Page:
DeShone Kizer had an answer for it.
By the time the former Notre Dame quarterback departs the NFL Combine in Indianapolis, he should know if general managers and head coaches across the league bought it. So far, at least according to feedback from the San Francisco 49ers, Kizer has been making sense of last season’s 4-8 disappointment that included a quarterback job share on opening weekend.
The raw numbers are good. Kizer completed 212-of-361 passes for 2,925 yards and 26 touchdowns against nine interceptions.
The context is less complimentary, even within an offense that replaced all three starting receivers. Kizer had the ball in the fourth quarter with a chance to tie or win in seven of Notre Dame’s eight losses.
“I’m pretty comfortable with opening up and expressing who I am as a guy and how I plan on going about this process,” Kizer said. “(Teams) had a lot of questions on last season and how a guy who has the arm strength goes and becomes 4-8.
“I responded the way I thought was the honest truth. I just didn’t make enough plays.”
Kizer measured 6-foot-4 and 233 pounds at the combine with an arm length of 33 ? inches and a hand size of 9 ? inches. He goes through workouts at Lucas Oil Stadium on Saturday. Notre Dame’s Pro Day is scheduled for March 23.
Kizer has already met with San Francisco and said he had formal meetings scheduled with the New York Jets and Kansas City Chiefs. The Cleveland Browns have also been active in researching Kizer’s potential fit as the No. 1 overall pick.
He left no doubt who he thinks is the best quarterback in the draft, with North Carolina’s Mitch Trubisky and Clemson’s Deshaun Watson the competition.
Kizer would vote for Kizer.
“Absolutely. Absolutely,” he said. “I’m pretty confident in my abilities. My ability to read defenses both pre and post snap, my ability to understand the game. My leadership traits that I was able to develop at Notre Dame has put me in a position to achieve my goal and play in the NFL.”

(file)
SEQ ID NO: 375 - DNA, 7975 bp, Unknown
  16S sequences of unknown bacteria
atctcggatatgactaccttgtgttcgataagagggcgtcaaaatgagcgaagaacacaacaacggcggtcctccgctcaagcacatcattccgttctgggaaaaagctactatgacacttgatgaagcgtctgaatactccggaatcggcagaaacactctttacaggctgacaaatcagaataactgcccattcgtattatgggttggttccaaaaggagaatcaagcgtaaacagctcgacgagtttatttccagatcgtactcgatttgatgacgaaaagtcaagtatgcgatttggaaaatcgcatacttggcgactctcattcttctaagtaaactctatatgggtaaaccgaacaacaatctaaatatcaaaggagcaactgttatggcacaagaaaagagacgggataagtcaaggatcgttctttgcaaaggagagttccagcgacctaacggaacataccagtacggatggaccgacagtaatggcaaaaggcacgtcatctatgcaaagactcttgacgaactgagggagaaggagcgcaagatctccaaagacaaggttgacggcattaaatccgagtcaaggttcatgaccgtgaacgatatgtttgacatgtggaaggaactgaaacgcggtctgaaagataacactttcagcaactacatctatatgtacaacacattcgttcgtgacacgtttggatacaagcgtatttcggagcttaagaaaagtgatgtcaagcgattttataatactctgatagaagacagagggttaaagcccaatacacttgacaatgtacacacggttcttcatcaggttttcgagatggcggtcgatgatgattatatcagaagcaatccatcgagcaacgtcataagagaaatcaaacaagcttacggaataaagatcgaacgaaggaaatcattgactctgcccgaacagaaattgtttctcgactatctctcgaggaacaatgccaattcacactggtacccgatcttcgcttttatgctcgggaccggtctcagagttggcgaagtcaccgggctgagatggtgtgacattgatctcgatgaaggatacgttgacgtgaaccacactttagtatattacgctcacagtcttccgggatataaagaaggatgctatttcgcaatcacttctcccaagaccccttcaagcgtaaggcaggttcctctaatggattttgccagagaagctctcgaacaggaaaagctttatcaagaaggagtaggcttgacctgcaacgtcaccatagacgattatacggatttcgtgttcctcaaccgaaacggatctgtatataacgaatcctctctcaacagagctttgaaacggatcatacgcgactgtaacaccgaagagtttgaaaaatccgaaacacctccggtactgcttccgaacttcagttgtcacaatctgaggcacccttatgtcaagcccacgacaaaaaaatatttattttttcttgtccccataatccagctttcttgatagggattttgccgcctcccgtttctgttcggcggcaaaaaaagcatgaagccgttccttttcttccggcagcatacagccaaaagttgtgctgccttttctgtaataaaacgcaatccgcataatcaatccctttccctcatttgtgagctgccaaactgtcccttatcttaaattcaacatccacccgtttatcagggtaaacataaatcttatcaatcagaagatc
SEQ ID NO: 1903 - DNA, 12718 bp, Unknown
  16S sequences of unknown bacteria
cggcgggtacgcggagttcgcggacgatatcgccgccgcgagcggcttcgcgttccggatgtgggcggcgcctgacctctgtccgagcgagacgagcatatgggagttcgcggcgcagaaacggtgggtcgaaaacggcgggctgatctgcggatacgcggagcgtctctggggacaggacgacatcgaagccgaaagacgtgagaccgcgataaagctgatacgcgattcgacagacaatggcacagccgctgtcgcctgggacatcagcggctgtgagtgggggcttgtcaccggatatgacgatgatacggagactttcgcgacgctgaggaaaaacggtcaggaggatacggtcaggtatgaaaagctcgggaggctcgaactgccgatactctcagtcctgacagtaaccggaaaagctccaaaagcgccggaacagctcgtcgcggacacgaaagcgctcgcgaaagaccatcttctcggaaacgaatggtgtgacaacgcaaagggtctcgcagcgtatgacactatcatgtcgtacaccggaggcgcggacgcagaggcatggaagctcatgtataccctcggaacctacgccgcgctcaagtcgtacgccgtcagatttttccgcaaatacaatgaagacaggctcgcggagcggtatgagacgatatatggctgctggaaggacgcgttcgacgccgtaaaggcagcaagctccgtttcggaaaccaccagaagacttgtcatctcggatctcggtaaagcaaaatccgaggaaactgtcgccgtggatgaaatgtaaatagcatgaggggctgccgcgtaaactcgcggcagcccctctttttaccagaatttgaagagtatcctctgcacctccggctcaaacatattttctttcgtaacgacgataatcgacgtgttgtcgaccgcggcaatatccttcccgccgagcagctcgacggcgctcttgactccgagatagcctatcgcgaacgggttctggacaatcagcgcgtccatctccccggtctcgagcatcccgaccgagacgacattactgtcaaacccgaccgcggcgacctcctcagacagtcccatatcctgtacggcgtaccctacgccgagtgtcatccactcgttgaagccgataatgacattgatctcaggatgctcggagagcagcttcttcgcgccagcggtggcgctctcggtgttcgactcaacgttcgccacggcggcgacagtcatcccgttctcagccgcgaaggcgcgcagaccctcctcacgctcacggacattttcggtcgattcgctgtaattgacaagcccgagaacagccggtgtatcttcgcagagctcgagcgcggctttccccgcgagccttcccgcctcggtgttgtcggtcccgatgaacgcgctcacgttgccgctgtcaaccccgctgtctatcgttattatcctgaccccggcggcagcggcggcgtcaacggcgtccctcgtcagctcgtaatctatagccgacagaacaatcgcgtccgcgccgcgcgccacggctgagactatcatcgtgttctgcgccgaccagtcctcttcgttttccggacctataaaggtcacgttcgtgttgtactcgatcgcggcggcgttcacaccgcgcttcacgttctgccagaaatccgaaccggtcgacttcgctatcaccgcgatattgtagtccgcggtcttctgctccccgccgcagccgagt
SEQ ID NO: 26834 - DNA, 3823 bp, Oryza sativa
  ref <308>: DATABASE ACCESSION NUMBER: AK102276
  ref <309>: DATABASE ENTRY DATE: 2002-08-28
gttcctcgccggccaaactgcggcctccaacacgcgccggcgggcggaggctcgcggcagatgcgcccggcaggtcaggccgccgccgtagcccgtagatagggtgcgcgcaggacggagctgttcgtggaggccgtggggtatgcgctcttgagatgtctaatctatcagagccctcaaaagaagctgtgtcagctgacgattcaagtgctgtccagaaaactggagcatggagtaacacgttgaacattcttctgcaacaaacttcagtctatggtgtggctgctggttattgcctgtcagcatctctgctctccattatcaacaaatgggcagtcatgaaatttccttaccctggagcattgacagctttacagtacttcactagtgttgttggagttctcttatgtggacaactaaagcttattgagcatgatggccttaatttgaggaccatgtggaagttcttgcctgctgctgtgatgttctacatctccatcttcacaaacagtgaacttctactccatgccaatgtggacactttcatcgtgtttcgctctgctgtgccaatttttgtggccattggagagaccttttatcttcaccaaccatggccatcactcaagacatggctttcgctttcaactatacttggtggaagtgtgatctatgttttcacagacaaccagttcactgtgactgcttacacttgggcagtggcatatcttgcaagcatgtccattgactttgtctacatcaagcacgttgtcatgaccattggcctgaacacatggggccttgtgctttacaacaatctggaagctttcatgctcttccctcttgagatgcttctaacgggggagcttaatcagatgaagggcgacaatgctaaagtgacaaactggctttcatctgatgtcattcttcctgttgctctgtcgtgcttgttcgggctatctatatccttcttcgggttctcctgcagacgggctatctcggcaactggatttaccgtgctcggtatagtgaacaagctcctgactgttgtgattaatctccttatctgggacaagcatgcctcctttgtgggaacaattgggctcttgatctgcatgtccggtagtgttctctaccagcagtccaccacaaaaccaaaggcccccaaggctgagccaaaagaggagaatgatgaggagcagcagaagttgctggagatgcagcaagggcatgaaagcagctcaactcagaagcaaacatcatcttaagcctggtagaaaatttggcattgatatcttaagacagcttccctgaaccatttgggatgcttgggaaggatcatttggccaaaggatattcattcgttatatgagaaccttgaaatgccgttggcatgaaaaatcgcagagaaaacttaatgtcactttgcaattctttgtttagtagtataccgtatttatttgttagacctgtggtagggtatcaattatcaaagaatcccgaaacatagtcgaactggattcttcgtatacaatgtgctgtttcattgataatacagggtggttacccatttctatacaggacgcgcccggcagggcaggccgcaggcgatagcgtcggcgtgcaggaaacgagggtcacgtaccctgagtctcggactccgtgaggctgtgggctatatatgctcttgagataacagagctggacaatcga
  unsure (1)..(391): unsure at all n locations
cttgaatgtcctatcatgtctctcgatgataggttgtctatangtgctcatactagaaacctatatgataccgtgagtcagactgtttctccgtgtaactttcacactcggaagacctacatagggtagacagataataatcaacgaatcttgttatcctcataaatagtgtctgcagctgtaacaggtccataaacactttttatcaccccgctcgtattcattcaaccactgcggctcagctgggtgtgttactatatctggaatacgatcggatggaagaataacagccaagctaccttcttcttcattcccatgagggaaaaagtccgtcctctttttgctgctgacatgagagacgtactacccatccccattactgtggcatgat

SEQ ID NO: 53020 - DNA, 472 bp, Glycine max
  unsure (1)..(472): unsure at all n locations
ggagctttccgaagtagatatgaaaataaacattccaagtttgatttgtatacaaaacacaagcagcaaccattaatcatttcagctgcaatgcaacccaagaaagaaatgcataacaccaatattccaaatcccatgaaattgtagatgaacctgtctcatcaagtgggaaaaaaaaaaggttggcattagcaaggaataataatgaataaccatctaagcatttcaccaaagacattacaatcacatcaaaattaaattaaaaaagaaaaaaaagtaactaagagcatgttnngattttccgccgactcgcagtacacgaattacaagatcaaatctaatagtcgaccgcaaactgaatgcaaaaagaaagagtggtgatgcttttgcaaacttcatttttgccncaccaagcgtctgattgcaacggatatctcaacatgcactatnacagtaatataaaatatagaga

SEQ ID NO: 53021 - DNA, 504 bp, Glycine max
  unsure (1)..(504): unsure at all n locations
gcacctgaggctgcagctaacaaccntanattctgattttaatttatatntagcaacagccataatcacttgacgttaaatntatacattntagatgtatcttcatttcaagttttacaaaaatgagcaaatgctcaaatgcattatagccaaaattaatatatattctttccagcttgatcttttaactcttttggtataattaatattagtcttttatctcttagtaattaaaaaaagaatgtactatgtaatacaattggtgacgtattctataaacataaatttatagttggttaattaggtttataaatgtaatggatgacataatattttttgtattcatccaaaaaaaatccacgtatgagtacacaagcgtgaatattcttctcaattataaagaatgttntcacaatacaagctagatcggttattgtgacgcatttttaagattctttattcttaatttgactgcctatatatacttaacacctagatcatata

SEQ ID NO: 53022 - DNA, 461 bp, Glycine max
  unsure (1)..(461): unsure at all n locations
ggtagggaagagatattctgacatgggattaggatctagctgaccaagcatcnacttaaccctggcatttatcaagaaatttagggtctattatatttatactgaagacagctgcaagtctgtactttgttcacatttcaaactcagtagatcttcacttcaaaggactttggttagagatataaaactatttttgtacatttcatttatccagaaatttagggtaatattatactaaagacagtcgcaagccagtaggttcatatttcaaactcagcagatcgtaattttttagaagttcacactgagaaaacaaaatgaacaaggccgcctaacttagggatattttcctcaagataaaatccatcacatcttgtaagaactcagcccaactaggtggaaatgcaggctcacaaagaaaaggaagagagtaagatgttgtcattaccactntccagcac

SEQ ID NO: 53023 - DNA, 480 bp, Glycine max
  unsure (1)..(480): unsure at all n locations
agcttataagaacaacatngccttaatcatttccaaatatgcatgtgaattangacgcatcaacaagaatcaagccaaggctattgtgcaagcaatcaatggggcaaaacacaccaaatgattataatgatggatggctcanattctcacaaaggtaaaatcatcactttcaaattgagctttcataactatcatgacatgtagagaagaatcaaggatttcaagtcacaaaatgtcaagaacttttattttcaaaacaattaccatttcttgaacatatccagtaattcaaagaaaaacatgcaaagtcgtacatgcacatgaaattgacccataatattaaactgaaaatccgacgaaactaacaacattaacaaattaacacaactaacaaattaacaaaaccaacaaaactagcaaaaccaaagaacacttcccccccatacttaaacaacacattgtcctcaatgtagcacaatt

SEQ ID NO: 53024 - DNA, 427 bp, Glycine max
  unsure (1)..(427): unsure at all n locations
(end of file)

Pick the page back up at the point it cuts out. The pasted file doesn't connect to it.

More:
Kizer said his slips last season, both in terms of failing to make plays and struggling to lead, could be a boost at the NFL level. He referenced Notre Dame’s wild array of weather conditions, from the hurricane at N.C. State to the snow in late November home games. He also noted that most teams drafting early are coming off seasons similar to Notre Dame’s.
“I think I’ve learned from it all and I think all those experiences will prepare me to hopefully play in that first game next season,” Kizer said. “Playing at Notre Dame I think is the biggest stage in college football, especially being the quarterback there. Not only are you representing 80,000 people in that stadium every day, but you’re also representing the biggest catholic institution in the world.
“This past season I was asked to be a little more verbal and to try to lead those guys. Unfortunately, I didn’t do that well enough and that’s what led to a 4-8 season instead of a season that could have gone the same way that it did in 2015.”
And does Kizer believe NFL teams agree with his take?
“I guess we’ll see if they come see me at the Pro Day,” he said.